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Sipple’s Ad for the GOP on Dole’s Experience

June 6, 1996

Details of a biographical ad about Bob Dole that media strategist Don Sipple recently produced for the Republican National Committee:

Time: 60 seconds.

Title: ``The Story.″

Producer: Don Sipple and New Century Media Group for the RNC.

Text: (Dole) ``We have a moral obligation to give our children an America with the opportunity and values of the nation we grew up in.″

(Announcer) ``Bob Dole grew up in Russell, Kansas. From his parents he learned the value of hard work, honesty and responsibility. So when his country called, he answered. He was seriously wounded in combat. Paralyzed, he underwent nine operations.″

(Dole) ``I went around looking for a miracle that would make me whole again.″

(Announcer) ``The doctors said he’d never walk again. But after 39 months, he proved them wrong.″

(Elizabeth Hanford Dole) ``He persevered, he never gave up. He fought his way back from total paralysis.″

(Announcer) ``Like many Americans, his life experience and values serve as a strong moral compass. The principle of work to replace welfare. The principle of accountability to strengthen our criminal justice system. The principle of discipline to end wasteful Washington spending.″

(Dole) ``It all comes down to values; what you believe in, what you sacrifice for, and what you stand for.″

Key Images: Dole, tieless, speaking of values and his experience; black and white photos of soldiers carrying a stretcher from the battlefield; a photo of an ailing Dole, bandaged, in a hospital bed; Mrs. Dole; Dole meeting with voters; a waving American flag provides a segue to another shot of Dole speaking.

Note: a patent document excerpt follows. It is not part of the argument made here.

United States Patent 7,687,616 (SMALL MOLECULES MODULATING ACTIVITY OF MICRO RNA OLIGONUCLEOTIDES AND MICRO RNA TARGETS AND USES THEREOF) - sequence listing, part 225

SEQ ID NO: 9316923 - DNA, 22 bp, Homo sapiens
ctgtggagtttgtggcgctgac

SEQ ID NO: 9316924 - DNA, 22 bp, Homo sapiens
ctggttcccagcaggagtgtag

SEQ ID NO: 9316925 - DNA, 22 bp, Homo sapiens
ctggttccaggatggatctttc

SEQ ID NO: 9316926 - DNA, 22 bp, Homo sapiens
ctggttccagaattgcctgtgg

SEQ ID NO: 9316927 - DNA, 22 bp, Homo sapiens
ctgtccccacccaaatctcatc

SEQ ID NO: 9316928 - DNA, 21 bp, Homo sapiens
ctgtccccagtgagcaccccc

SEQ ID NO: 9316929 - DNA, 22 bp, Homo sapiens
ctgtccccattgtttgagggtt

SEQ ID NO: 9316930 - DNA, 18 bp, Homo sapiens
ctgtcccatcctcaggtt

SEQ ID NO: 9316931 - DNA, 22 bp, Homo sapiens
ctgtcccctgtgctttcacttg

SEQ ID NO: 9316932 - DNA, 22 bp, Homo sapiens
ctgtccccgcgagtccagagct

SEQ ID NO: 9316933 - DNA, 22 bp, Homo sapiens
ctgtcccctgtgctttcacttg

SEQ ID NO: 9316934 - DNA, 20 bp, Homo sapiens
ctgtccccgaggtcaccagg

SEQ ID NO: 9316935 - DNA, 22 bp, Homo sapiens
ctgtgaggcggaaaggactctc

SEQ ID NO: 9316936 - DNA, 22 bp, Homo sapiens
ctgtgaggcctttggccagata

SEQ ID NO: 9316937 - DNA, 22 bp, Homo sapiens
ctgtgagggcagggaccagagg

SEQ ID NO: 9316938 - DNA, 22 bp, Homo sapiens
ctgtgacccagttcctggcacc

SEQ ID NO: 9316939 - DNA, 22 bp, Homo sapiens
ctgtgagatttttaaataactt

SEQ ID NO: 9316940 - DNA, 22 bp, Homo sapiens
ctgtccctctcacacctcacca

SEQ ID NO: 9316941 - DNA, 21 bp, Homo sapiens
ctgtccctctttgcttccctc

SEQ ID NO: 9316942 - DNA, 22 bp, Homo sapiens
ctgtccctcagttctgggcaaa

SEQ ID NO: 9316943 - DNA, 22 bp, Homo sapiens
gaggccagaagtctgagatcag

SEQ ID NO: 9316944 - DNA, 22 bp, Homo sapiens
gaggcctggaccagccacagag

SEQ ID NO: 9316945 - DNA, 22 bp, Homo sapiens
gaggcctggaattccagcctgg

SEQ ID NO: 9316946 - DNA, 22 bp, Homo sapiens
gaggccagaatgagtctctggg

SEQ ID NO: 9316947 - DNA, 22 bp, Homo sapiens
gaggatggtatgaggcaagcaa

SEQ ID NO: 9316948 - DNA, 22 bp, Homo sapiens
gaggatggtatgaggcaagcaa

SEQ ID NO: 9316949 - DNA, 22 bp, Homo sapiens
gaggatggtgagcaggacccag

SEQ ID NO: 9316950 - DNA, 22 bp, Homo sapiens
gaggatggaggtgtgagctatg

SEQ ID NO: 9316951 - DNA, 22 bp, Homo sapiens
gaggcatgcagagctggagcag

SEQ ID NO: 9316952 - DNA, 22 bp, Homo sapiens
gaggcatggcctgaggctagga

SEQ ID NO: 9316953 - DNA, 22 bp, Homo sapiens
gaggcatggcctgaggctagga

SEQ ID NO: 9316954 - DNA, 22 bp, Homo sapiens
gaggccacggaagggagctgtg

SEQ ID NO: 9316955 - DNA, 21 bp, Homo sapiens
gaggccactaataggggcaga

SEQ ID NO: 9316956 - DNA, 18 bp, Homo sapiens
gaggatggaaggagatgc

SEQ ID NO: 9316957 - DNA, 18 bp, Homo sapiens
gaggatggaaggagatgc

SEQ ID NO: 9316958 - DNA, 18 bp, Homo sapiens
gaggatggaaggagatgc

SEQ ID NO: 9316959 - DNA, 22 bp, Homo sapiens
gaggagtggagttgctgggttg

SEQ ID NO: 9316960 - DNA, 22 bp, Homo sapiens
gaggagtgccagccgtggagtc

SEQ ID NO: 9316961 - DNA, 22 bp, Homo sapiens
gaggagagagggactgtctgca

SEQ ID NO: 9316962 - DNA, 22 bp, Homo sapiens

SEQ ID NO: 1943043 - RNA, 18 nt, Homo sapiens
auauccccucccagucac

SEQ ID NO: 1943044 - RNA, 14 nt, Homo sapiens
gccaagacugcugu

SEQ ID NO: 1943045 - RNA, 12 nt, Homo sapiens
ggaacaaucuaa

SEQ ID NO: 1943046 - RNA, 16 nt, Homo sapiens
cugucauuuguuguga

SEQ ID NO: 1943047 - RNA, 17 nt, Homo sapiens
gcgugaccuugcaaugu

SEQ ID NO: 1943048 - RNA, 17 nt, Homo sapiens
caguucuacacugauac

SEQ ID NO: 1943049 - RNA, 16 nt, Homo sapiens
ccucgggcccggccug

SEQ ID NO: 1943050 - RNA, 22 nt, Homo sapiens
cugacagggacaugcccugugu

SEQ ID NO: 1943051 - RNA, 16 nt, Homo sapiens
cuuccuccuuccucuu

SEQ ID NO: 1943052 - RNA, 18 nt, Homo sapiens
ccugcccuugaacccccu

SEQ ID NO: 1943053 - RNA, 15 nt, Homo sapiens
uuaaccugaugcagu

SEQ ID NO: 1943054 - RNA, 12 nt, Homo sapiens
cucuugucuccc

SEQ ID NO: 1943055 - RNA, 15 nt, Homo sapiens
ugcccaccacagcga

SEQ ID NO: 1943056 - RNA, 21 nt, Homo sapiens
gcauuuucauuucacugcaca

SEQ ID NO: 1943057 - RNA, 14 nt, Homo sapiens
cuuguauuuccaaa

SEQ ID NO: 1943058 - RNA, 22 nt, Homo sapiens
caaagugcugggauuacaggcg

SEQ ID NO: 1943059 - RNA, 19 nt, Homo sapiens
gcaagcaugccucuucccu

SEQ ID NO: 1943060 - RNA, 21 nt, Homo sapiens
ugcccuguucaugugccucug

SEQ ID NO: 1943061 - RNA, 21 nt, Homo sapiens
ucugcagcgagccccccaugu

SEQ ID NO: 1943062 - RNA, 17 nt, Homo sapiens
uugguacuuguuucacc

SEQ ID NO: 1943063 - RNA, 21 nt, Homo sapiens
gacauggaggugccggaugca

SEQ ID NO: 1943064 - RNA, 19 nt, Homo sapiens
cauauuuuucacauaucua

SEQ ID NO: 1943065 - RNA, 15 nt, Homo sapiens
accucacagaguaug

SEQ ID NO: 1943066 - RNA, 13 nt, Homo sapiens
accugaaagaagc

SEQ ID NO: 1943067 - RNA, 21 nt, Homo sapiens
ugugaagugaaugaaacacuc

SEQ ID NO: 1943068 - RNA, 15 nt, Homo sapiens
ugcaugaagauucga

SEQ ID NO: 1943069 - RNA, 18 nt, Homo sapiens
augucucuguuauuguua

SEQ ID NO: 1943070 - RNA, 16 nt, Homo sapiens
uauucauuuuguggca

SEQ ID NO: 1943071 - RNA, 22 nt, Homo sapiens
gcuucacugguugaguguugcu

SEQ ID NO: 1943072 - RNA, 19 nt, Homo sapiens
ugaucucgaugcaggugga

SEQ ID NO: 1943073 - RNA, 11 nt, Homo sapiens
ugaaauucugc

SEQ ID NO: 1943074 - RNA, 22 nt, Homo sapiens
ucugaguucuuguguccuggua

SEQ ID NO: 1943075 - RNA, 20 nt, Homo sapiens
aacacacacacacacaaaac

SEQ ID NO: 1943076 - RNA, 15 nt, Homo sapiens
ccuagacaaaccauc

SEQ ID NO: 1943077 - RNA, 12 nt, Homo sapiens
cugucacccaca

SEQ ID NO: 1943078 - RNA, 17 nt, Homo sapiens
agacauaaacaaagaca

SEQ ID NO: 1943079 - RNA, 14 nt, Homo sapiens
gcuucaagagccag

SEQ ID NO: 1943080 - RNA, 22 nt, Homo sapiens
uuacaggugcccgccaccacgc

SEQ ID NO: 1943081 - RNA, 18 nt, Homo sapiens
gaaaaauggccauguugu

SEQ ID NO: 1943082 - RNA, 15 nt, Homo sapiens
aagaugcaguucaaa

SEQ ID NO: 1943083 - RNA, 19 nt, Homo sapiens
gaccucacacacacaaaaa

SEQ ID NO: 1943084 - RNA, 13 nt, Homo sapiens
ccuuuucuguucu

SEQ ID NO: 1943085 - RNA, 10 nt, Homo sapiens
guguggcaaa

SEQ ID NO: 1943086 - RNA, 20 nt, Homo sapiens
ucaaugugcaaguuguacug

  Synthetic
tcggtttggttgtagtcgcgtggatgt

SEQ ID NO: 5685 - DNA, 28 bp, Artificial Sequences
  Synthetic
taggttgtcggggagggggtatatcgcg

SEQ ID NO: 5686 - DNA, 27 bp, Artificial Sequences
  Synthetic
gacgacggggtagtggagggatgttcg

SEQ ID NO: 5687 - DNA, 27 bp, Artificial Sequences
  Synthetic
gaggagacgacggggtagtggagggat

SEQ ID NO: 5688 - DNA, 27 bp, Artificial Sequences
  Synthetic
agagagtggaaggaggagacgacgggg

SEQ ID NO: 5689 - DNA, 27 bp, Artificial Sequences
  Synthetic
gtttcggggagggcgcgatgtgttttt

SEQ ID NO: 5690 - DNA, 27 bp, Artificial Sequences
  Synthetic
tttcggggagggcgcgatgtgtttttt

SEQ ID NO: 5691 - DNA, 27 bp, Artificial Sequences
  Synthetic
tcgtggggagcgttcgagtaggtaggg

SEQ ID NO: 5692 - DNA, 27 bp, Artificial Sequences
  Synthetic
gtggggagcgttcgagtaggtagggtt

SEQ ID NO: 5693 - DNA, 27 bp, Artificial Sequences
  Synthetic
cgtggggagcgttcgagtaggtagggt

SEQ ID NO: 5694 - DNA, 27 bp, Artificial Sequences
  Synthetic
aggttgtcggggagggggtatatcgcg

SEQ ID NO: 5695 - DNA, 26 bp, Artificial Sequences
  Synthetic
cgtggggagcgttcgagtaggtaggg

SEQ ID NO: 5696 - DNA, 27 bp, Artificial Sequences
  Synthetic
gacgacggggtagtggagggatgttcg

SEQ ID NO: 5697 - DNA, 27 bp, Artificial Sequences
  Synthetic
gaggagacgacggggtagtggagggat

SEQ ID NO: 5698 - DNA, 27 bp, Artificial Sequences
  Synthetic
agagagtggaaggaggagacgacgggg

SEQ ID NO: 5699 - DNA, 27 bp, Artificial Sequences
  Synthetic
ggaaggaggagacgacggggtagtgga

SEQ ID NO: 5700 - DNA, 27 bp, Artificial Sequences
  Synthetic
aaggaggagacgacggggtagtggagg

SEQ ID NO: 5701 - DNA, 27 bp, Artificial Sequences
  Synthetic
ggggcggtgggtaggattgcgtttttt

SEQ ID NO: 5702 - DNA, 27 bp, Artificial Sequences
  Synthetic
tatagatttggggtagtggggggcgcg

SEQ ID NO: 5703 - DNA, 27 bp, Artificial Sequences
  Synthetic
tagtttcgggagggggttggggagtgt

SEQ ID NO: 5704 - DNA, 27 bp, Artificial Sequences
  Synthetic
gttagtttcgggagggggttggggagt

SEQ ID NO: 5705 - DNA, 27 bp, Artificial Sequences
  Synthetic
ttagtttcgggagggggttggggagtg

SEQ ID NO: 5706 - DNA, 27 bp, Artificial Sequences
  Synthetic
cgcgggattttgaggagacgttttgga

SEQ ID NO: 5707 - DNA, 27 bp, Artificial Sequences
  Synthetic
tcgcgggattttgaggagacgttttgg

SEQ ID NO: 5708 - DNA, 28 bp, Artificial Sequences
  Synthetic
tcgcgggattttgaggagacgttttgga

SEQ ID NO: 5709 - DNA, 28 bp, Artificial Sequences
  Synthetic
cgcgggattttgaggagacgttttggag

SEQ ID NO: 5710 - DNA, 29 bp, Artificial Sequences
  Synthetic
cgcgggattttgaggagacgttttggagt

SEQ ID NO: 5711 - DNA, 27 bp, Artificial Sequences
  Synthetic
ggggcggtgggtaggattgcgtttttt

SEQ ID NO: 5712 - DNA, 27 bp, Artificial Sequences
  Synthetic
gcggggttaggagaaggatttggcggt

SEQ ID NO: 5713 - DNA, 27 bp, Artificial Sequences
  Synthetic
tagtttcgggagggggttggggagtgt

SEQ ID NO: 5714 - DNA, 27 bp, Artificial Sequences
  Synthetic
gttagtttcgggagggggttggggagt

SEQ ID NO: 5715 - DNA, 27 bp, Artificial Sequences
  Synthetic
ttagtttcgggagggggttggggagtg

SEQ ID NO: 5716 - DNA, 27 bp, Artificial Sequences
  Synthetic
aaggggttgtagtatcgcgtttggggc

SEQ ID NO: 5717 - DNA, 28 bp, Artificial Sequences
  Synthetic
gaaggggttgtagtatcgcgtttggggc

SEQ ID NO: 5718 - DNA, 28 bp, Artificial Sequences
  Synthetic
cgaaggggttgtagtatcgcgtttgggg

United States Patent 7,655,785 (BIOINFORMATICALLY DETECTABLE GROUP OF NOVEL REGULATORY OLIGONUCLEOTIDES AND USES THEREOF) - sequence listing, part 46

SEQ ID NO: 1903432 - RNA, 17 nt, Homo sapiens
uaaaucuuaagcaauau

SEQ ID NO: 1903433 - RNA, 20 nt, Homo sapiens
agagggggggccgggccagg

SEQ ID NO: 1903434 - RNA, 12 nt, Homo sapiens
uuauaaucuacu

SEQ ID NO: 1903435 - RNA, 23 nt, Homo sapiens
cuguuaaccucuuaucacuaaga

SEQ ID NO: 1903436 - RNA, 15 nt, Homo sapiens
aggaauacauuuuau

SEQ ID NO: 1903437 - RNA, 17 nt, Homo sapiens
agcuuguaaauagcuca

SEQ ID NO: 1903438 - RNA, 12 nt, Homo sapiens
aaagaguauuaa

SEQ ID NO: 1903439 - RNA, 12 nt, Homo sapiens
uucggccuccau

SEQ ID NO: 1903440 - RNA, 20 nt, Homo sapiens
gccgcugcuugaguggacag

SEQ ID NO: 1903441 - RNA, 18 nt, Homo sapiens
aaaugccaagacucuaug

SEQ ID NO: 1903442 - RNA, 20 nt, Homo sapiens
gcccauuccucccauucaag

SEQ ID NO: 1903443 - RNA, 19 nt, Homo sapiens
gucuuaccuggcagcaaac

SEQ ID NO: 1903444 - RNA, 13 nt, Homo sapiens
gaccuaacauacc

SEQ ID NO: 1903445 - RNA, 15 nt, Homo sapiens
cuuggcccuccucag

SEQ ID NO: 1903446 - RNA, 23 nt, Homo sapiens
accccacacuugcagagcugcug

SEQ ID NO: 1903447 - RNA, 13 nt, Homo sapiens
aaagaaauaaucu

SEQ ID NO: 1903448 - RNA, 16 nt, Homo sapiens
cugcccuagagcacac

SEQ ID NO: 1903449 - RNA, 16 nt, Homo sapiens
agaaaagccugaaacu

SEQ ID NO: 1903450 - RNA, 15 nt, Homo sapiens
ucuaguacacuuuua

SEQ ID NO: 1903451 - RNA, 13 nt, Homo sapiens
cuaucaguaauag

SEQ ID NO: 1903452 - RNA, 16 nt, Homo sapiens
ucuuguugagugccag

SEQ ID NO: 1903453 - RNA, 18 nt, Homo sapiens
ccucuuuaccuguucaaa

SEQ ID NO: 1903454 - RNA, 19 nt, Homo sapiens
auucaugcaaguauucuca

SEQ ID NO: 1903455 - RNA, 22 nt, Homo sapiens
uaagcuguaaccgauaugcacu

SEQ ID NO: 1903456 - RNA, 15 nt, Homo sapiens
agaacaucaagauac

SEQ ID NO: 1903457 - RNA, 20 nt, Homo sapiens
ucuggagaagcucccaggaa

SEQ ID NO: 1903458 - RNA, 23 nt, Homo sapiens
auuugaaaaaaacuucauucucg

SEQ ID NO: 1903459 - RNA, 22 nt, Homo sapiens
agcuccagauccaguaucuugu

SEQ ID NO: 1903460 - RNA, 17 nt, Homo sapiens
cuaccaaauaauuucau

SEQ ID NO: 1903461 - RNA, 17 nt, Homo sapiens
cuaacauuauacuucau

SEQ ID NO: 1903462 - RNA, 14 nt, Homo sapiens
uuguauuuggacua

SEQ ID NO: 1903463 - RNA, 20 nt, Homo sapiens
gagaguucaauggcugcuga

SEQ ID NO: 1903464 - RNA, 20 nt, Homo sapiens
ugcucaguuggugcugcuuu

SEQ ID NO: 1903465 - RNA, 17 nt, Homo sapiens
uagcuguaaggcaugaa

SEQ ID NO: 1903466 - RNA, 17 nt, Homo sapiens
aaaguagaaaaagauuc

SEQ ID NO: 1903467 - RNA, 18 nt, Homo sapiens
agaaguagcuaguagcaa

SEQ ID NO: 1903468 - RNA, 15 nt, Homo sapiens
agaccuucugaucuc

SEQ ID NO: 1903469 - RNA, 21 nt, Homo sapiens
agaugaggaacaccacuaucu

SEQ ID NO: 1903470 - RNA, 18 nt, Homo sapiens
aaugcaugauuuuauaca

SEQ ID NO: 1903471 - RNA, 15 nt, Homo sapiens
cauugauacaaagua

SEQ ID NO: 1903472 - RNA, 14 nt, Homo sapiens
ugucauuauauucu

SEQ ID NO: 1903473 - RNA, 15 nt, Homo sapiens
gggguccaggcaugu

Goal: To tell voters the story of Dole’s perseverance in recovering from grave wartime wounds and portray him as a disciplined man committed to values forged in hardship.

Analysis: Sipple uses his first major ad of the 1996 campaign to cast Dole as someone who has the discipline to carry through on promises to reform welfare and improve accountability in the criminal justice system.

By tying Dole’s wartime service and sacrifice to his positions on issues important to Republicans, Sipple lays out a campaign theme that those who know his work say will continue through November.

The issues Sipple highlights in the spot _ welfare and the judiciary _ are among those where Republicans believe Clinton is vulnerable.

More subtly, the emphasis on Dole’s military service offers an unspoken contrast to the questions Clinton faces about his avoidance of the Vietnam draft. The focus on Dole’s ``hard work, honesty and responsibility″ contrasts with GOP charges that Clinton vacillates on issues and lingering questions about his business dealings while he was governor of Arkansas.

It remains to be seen whether someone who has served 35 years in Congress can convincingly claim they will change ``wasteful Washington spending.″ Raising Dole’s World War II service draws attention to the generation gap between Dole and Clinton.


Analysis by Kevin Galvin, Associated Press writer.

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